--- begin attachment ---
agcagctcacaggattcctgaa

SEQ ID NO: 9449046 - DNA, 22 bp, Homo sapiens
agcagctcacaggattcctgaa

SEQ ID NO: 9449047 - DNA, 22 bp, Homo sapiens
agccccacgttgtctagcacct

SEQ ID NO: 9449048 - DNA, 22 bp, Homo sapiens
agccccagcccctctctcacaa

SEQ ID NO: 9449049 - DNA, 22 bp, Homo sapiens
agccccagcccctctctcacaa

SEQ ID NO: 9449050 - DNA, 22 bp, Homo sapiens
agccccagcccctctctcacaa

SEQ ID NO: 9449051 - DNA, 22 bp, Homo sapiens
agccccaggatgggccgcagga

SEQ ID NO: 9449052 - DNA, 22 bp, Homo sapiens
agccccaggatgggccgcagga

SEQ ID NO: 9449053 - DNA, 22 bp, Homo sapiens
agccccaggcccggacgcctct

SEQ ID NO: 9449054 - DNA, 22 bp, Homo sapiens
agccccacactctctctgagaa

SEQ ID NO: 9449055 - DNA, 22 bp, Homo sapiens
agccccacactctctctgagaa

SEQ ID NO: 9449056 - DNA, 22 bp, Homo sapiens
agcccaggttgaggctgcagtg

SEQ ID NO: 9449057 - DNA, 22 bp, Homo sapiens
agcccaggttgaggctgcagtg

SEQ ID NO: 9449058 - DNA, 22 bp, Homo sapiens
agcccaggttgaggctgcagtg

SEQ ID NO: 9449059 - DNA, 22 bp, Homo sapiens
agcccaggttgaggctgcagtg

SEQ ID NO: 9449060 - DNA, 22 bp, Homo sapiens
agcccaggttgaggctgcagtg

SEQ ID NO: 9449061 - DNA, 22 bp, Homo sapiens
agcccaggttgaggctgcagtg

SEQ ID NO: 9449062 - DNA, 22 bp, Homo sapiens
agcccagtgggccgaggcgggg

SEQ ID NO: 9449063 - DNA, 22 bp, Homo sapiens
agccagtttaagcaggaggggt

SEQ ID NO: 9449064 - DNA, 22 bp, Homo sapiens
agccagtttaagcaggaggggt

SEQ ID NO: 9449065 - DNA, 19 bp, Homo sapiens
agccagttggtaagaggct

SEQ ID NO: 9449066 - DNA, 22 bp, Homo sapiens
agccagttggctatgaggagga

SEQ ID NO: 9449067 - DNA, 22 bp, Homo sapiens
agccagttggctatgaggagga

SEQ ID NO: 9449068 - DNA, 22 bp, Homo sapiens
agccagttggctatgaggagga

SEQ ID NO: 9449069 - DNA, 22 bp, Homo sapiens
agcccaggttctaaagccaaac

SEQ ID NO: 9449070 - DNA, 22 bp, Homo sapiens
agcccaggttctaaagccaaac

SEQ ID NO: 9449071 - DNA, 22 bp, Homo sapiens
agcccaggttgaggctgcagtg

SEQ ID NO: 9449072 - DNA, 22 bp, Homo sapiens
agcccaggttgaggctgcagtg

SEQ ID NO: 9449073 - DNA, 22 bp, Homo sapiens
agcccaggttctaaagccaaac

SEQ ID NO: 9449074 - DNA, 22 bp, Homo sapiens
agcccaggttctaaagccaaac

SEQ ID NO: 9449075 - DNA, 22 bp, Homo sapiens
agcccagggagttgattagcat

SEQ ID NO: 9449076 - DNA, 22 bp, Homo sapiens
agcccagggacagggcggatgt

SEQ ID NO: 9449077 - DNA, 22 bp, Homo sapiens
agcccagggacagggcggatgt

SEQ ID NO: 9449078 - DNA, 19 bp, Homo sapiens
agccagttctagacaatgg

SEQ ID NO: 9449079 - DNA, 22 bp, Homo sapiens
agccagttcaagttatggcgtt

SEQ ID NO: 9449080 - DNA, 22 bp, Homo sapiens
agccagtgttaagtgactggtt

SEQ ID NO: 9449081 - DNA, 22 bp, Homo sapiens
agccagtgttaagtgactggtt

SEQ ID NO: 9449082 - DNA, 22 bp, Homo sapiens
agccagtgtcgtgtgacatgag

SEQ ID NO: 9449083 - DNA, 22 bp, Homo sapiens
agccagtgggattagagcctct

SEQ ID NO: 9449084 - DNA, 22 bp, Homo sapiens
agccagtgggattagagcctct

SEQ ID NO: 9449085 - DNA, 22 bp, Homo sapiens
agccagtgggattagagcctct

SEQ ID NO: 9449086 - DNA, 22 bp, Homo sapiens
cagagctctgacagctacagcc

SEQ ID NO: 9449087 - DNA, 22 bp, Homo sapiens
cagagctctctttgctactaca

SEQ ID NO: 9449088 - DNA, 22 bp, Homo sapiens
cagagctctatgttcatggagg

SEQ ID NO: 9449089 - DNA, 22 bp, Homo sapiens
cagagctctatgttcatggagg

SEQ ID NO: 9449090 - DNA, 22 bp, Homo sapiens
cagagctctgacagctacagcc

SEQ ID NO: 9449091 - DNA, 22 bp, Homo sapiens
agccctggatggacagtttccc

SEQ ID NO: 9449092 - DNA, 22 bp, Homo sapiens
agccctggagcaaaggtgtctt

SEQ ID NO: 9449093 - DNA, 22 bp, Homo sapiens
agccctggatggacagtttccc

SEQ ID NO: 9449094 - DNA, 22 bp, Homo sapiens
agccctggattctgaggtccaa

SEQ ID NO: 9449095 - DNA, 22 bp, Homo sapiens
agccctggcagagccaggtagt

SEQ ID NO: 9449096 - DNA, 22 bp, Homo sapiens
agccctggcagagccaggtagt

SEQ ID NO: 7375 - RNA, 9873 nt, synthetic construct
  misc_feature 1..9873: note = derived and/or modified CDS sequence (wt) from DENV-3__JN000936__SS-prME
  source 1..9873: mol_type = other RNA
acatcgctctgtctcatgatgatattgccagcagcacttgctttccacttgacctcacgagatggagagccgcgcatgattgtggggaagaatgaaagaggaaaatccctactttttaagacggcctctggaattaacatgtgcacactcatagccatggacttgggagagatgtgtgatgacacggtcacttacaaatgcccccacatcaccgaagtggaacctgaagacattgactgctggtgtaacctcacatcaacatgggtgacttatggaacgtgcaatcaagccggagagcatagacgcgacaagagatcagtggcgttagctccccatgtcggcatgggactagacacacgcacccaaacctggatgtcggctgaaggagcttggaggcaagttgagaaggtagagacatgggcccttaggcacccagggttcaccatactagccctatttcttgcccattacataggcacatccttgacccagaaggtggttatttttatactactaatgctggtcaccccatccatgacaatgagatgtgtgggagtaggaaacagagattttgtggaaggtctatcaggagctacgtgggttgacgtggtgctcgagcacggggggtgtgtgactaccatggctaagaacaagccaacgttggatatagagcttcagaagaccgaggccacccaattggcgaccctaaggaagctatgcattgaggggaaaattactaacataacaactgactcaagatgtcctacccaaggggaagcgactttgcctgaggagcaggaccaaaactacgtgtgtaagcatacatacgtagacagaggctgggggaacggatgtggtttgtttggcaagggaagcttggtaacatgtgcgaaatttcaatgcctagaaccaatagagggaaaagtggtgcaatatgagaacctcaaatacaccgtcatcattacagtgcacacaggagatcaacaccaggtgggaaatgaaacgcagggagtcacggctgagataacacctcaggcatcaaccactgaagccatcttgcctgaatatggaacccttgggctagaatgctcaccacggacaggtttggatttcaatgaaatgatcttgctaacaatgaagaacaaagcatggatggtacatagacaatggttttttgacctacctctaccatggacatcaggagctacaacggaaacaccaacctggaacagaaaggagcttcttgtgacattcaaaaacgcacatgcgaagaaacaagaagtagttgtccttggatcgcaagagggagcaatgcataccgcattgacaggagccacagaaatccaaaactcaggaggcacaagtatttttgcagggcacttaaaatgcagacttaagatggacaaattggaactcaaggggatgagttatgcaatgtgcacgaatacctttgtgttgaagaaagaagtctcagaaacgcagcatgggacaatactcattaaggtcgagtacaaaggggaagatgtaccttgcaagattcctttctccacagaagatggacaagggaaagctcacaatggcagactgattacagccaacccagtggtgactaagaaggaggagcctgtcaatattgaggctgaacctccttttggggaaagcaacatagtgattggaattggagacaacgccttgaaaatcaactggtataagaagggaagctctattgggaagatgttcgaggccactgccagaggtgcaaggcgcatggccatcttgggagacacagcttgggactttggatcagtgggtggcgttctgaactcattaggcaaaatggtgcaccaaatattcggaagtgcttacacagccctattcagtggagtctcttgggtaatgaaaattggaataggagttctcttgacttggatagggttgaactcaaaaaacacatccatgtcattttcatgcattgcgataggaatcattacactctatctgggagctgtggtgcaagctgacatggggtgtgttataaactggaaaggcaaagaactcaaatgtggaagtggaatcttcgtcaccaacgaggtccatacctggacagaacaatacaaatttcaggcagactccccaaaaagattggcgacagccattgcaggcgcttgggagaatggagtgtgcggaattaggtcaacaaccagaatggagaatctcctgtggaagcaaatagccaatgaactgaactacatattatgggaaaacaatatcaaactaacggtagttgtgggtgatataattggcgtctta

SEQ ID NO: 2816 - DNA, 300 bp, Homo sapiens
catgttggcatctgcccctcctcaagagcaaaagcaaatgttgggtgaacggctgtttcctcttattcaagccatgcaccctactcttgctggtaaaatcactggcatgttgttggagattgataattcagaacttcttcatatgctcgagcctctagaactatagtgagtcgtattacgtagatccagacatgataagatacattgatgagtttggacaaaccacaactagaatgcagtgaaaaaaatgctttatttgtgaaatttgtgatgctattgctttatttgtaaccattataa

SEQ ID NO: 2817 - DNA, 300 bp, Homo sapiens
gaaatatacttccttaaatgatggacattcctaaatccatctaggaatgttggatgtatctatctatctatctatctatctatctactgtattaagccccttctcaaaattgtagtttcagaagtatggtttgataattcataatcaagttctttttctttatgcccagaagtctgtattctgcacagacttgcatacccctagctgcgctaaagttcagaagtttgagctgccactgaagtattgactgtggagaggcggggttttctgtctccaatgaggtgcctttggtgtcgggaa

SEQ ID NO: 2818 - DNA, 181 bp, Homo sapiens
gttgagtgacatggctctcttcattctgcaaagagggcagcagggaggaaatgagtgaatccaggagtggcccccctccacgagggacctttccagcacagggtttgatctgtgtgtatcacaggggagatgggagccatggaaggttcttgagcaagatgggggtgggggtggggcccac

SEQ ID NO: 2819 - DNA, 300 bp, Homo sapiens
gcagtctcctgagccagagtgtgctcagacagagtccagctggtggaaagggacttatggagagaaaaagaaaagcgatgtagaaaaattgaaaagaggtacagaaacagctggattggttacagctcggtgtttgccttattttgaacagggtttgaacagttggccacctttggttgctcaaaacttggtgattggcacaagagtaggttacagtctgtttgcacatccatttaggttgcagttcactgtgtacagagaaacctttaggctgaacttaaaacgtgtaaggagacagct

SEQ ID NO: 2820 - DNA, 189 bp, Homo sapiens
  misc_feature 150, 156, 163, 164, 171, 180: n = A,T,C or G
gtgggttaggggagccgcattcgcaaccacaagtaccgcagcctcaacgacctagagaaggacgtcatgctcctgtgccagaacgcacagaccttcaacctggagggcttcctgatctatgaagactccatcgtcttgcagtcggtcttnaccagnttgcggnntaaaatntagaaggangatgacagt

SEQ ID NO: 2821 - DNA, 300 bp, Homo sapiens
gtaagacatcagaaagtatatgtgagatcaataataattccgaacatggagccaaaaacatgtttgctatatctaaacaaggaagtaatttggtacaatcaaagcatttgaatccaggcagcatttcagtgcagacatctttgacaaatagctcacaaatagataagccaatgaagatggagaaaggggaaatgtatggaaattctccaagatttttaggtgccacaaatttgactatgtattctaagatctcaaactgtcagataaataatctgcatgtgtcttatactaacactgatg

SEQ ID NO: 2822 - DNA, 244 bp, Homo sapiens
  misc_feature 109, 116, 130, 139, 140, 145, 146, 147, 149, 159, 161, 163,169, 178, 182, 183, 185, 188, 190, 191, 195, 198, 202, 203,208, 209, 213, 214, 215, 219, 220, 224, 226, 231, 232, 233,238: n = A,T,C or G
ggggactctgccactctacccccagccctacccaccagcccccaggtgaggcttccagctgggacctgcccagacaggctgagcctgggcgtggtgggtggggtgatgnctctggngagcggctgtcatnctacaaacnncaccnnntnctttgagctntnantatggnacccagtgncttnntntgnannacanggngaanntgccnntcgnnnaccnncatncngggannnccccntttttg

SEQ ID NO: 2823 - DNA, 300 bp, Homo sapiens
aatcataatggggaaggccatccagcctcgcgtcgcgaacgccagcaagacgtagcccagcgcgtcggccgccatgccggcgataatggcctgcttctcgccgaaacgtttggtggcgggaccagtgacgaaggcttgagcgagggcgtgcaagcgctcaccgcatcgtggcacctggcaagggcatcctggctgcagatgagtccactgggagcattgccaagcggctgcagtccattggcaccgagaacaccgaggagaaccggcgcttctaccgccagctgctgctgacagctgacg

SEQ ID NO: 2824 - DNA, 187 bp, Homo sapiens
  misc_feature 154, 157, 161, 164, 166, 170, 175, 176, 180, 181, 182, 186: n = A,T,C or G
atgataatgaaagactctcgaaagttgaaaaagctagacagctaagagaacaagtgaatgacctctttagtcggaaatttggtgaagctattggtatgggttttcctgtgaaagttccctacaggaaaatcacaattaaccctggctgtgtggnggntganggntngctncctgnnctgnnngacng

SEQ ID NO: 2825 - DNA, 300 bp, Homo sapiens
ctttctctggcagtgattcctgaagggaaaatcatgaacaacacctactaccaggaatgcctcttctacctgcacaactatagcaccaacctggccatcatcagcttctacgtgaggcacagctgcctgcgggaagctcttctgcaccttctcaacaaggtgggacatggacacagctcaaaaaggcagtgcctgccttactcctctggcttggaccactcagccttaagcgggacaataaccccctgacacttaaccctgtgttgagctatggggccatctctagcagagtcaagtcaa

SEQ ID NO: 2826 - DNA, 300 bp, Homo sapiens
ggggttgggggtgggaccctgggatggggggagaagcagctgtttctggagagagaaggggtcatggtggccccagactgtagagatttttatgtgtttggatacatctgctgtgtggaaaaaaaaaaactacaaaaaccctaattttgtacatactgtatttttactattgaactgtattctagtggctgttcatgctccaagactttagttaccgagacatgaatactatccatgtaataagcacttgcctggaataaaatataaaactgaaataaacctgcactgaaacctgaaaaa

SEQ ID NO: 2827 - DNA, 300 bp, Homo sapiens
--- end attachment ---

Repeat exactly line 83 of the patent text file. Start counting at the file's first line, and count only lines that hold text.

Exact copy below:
cagagctctgacagctacagcc